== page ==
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Thread: cambridge book

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    #1

    cambridge book

    dear i've found a cambridge book of speaking
    i want to know if this book are good
    thank you

  1. 5jj's Avatar
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    #2

    Re: cambridge book

    Quote Originally Posted by light86 View Post
    dear iI've found a c Cambridge book of on speaking.
    i I want to know if this book are is good.
    t Thank you.
    You have been told at least four times that 'dear' is not an appropriate way to start a post.

    If you want us to respond to your posts:

    1. Take note of what we say.
    2. Start using capital letters and full stops appropriately.

    if you want our opinions on a book, it will be helpful if you give us the title and author.

  2. Raymott's Avatar
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    #3

    Re: cambridge book

    Quote Originally Posted by light86 View Post
    dear i've found a cambridge book of speaking
    i want to know if this book are good
    thank you
    5jj is not kidding you. It might be common to call each other "dear" in Algeria while practicing English with your friends (and posts here suggest that it is), but calling an English native "dear" could be taken as an insult, bad manners, or at least a strange lack of knowledge of the culture of which you are learning the language. In certain situations, it could also be construed as a homosexual overture. Please take note.

    Writing "Dear Mr Smith" at the start of a letter is an entirely different thing, and is normal. But when you meet Mr Smith, you do not call him "dear", as in "Let's get some coffee, dear."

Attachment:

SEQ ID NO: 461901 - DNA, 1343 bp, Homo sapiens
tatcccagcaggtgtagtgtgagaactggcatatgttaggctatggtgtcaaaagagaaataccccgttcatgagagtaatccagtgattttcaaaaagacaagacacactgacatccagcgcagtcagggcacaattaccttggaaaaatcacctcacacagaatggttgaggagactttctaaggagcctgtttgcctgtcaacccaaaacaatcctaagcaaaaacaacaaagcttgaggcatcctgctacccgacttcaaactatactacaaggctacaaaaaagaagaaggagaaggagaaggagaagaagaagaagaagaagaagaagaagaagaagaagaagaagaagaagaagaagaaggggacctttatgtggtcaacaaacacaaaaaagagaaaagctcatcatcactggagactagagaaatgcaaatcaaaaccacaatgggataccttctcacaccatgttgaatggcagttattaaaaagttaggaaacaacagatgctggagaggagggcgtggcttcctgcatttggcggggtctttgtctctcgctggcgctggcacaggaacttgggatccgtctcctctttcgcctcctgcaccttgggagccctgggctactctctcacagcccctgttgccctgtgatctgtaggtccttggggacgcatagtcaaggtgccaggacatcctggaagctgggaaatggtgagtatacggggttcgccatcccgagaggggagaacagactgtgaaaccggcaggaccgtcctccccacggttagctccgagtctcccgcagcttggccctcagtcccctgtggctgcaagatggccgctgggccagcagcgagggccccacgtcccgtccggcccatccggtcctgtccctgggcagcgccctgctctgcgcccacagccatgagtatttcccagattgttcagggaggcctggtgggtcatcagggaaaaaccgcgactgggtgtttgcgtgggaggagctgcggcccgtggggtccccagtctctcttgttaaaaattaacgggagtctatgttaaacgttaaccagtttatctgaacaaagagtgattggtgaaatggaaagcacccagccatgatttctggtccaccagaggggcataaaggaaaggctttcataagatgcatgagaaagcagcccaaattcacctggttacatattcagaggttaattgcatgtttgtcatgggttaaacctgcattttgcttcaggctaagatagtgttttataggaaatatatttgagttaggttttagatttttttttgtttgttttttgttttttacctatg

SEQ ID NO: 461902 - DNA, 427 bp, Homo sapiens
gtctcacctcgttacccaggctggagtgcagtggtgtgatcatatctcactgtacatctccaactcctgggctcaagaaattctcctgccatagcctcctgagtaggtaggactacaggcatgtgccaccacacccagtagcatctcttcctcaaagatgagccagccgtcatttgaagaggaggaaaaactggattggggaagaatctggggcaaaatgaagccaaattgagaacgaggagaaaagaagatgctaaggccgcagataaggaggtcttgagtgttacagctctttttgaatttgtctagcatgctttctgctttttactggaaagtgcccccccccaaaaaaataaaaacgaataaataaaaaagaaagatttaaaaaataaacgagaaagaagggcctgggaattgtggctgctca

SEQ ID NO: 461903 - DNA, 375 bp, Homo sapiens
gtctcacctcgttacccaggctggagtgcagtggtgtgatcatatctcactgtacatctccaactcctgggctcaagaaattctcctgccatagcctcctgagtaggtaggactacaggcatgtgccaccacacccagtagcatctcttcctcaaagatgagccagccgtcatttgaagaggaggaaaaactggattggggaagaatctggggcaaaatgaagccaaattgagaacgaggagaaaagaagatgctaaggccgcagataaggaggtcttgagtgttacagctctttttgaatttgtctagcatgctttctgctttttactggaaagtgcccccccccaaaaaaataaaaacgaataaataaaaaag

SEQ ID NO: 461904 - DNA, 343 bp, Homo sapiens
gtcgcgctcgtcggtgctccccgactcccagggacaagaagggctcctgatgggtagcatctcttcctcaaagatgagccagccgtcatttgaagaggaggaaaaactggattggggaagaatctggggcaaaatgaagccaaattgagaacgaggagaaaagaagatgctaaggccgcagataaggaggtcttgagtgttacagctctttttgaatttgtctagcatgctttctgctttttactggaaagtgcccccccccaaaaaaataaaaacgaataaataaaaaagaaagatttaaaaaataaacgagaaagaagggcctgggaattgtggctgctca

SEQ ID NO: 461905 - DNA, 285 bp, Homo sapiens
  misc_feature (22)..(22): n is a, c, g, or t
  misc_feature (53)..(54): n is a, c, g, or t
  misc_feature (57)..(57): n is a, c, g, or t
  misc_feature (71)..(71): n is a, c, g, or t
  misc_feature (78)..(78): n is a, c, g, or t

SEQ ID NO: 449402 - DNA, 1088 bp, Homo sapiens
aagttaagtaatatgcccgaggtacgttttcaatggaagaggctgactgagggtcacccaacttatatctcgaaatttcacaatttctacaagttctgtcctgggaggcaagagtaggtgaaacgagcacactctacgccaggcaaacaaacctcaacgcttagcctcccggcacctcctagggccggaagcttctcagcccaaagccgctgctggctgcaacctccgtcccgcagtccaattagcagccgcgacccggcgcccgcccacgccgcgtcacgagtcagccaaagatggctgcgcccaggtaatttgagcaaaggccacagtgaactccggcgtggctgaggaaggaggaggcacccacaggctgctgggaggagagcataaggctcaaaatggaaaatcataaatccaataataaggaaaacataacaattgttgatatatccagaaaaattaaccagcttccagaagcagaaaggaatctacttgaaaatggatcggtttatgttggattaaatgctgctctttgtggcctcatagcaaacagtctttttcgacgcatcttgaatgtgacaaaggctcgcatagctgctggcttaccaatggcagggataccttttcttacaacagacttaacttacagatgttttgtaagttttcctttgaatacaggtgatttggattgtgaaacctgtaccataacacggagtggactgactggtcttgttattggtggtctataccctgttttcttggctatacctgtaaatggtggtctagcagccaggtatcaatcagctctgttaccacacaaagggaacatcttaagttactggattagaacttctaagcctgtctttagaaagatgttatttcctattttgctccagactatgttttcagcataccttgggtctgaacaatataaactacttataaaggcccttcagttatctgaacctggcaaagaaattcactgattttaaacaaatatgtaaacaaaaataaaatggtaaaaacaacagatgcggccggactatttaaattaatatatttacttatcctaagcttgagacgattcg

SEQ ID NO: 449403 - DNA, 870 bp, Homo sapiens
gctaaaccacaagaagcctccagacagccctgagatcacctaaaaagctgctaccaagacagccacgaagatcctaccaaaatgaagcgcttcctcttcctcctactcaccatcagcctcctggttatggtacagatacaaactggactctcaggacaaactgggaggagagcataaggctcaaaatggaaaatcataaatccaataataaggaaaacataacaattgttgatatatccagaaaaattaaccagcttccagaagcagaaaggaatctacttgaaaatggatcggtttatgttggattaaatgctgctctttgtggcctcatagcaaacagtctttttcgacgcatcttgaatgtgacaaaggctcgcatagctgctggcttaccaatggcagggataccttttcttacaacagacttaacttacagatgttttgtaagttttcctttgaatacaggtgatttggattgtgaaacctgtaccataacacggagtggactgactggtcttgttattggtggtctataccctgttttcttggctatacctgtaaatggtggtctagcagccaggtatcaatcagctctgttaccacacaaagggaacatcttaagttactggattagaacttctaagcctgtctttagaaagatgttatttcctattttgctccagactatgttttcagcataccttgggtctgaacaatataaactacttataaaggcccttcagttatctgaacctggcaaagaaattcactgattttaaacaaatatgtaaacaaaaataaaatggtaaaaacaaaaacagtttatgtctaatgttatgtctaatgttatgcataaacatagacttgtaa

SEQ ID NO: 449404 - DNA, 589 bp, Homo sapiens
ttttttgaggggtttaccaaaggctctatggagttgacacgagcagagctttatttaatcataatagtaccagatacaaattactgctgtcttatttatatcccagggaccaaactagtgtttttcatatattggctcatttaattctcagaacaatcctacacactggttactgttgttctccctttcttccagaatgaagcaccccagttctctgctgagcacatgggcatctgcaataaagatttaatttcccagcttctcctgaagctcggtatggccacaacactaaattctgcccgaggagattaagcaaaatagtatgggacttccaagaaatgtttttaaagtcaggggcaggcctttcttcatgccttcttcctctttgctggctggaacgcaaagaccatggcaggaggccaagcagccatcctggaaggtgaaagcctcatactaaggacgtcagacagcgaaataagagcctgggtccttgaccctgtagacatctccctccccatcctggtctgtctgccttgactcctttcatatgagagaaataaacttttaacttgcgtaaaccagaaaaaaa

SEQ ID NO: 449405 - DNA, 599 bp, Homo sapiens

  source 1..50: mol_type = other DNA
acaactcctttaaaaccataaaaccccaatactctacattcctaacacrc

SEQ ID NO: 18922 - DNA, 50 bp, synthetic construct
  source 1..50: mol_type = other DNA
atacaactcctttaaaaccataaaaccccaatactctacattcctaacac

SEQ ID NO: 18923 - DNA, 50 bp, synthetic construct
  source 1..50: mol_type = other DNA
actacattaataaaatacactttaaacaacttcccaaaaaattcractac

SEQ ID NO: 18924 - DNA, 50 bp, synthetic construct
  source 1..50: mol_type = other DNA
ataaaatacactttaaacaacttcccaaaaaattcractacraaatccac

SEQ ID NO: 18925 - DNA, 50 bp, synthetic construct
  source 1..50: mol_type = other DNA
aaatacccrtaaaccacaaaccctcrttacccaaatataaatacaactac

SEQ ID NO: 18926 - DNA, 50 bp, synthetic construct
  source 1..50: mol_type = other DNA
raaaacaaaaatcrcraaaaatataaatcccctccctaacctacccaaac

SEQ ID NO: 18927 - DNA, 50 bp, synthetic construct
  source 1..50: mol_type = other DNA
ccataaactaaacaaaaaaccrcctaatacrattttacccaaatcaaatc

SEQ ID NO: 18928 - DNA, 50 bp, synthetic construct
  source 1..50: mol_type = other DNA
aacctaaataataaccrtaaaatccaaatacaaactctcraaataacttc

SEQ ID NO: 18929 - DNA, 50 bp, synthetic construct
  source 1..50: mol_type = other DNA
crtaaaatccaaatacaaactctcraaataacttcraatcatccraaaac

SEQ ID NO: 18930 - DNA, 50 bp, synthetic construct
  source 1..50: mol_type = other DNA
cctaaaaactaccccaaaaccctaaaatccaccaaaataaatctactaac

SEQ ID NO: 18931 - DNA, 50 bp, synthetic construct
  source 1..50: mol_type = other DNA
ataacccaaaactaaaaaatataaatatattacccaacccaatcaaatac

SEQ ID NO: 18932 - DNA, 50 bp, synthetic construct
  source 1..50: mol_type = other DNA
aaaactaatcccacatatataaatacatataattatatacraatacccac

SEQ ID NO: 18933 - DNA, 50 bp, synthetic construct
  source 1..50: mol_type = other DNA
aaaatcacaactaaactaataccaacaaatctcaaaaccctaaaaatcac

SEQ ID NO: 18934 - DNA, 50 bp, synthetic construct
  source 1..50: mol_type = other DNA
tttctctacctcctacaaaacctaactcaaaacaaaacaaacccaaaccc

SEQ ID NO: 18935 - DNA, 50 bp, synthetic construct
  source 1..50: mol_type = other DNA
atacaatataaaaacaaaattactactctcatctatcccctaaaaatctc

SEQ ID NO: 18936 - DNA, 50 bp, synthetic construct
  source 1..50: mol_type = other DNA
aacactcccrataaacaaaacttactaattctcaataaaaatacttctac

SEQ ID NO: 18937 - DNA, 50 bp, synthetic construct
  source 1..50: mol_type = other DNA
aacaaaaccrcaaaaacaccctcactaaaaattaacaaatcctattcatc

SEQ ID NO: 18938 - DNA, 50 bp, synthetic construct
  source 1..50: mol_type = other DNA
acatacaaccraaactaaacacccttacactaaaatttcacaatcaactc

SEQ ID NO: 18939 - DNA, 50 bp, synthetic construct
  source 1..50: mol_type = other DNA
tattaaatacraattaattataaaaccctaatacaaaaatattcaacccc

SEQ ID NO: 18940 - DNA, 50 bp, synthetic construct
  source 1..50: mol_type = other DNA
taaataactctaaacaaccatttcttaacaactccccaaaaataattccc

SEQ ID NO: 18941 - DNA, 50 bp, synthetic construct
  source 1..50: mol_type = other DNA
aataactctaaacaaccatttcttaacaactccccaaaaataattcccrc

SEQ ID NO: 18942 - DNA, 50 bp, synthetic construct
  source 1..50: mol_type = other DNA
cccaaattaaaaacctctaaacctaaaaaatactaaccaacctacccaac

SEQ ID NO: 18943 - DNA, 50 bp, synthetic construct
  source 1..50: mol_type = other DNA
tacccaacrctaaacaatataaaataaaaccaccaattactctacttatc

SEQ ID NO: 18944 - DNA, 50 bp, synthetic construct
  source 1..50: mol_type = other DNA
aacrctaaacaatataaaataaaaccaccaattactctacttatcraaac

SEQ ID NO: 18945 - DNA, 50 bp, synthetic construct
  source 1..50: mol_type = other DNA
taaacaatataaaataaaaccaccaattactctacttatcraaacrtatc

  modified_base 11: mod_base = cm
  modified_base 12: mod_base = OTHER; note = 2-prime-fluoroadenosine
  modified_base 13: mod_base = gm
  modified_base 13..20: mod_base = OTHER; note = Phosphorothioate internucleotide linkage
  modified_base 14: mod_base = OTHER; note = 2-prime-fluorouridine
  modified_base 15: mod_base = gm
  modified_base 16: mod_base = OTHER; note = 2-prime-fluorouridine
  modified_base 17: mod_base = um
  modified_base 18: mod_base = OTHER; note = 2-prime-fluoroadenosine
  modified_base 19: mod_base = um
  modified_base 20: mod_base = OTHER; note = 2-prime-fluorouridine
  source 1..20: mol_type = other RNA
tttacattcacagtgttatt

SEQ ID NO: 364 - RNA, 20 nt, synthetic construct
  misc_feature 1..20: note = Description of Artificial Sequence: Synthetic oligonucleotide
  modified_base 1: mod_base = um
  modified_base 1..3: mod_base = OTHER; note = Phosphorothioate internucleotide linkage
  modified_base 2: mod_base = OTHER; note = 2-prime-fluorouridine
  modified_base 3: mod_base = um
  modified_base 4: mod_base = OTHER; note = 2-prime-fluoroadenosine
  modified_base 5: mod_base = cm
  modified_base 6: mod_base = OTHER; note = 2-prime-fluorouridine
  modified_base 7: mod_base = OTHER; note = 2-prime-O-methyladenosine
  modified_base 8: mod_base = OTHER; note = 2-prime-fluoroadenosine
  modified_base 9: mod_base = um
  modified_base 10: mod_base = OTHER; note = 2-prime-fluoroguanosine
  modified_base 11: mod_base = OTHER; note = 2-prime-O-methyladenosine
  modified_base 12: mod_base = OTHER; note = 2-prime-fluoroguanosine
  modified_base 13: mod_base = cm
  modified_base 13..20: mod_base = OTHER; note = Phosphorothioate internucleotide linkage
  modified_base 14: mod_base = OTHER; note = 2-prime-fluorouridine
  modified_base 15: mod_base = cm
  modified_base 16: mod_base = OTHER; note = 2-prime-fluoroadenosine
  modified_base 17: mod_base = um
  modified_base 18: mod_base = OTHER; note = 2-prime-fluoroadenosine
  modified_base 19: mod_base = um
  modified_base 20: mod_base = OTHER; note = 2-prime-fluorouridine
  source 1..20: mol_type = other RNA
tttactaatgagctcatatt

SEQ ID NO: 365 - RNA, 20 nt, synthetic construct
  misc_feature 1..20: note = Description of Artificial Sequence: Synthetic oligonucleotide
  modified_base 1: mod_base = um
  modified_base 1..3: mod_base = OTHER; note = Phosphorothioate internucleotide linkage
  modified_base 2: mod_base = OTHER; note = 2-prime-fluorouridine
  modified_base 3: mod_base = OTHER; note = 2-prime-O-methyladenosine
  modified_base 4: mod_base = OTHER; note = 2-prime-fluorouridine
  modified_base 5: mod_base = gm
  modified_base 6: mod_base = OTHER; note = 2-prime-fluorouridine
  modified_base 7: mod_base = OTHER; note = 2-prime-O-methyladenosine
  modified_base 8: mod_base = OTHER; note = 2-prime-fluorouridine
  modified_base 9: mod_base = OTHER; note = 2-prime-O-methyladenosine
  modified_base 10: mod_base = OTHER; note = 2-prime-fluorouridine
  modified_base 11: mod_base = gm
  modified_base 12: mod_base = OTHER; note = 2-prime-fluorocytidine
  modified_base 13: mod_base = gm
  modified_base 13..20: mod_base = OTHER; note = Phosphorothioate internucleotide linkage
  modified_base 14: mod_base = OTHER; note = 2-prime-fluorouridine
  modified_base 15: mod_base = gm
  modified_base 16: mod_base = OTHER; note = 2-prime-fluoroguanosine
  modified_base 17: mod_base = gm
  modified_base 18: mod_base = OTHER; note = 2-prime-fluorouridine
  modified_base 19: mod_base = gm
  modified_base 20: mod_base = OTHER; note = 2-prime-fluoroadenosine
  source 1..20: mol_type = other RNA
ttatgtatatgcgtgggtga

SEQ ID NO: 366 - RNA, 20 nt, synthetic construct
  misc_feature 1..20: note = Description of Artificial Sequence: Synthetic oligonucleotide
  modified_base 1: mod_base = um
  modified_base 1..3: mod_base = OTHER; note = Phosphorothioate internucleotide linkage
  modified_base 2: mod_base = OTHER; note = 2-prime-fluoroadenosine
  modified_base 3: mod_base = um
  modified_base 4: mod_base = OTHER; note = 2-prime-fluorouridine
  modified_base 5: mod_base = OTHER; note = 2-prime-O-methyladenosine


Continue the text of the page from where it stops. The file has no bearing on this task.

In America (mostly), it is possible to begin a speech with "Dear Friends". This is mostly done by people who want something from you, usually your money or your votes.
    If you don't understand this, there are many of us who would be prepared to elaborate further. But the rule is quite simple. Don't do it.

    PS: "Dear Teachers" is also acceptable to some of us, as being in the class of "Dear Mr Smith", but "Dears", or "dear" are not. This might seem to be too subtle a difference to have practical significance, but I'd like to join 5jj in assuring you that it is not.
    Last edited by Raymott; 18-Dec-2011 at 16:57.

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    #4

    Smile Re: cambridge book

    hi
    for me "dear" it is to respect the teacher
    but i will not said

    please help me to learn speaking

  3. 5jj's Avatar
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    #5

    Re: cambridge book

    If you want us to respond to your posts:

    1. Take note of what we say.
    2. Start using capital letters and full stops appropriately.

  4. Raymott's Avatar
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    #6

    Re: cambridge book

    Quote Originally Posted by light86 View Post
    for me "dear" it is to respect the teacher
    That's all very well. But when you learn someone else's language, you don't get to arbitrarily choose one of their words to show respect, or to mean what you want it to. You have to learn what a certain word means to them, and use it accordingly.
    Once you grasp this concept, your English should improve exponentially.
    Last edited by Raymott; 19-Dec-2011 at 01:36. Reason: spelling

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    #7

    Re: cambridge book

    Quote Originally Posted by light86 View Post
    i've found a cambridge book of speaking
    i want to know if this book are good
    thank you
    What is the name of the book and who wrote it?

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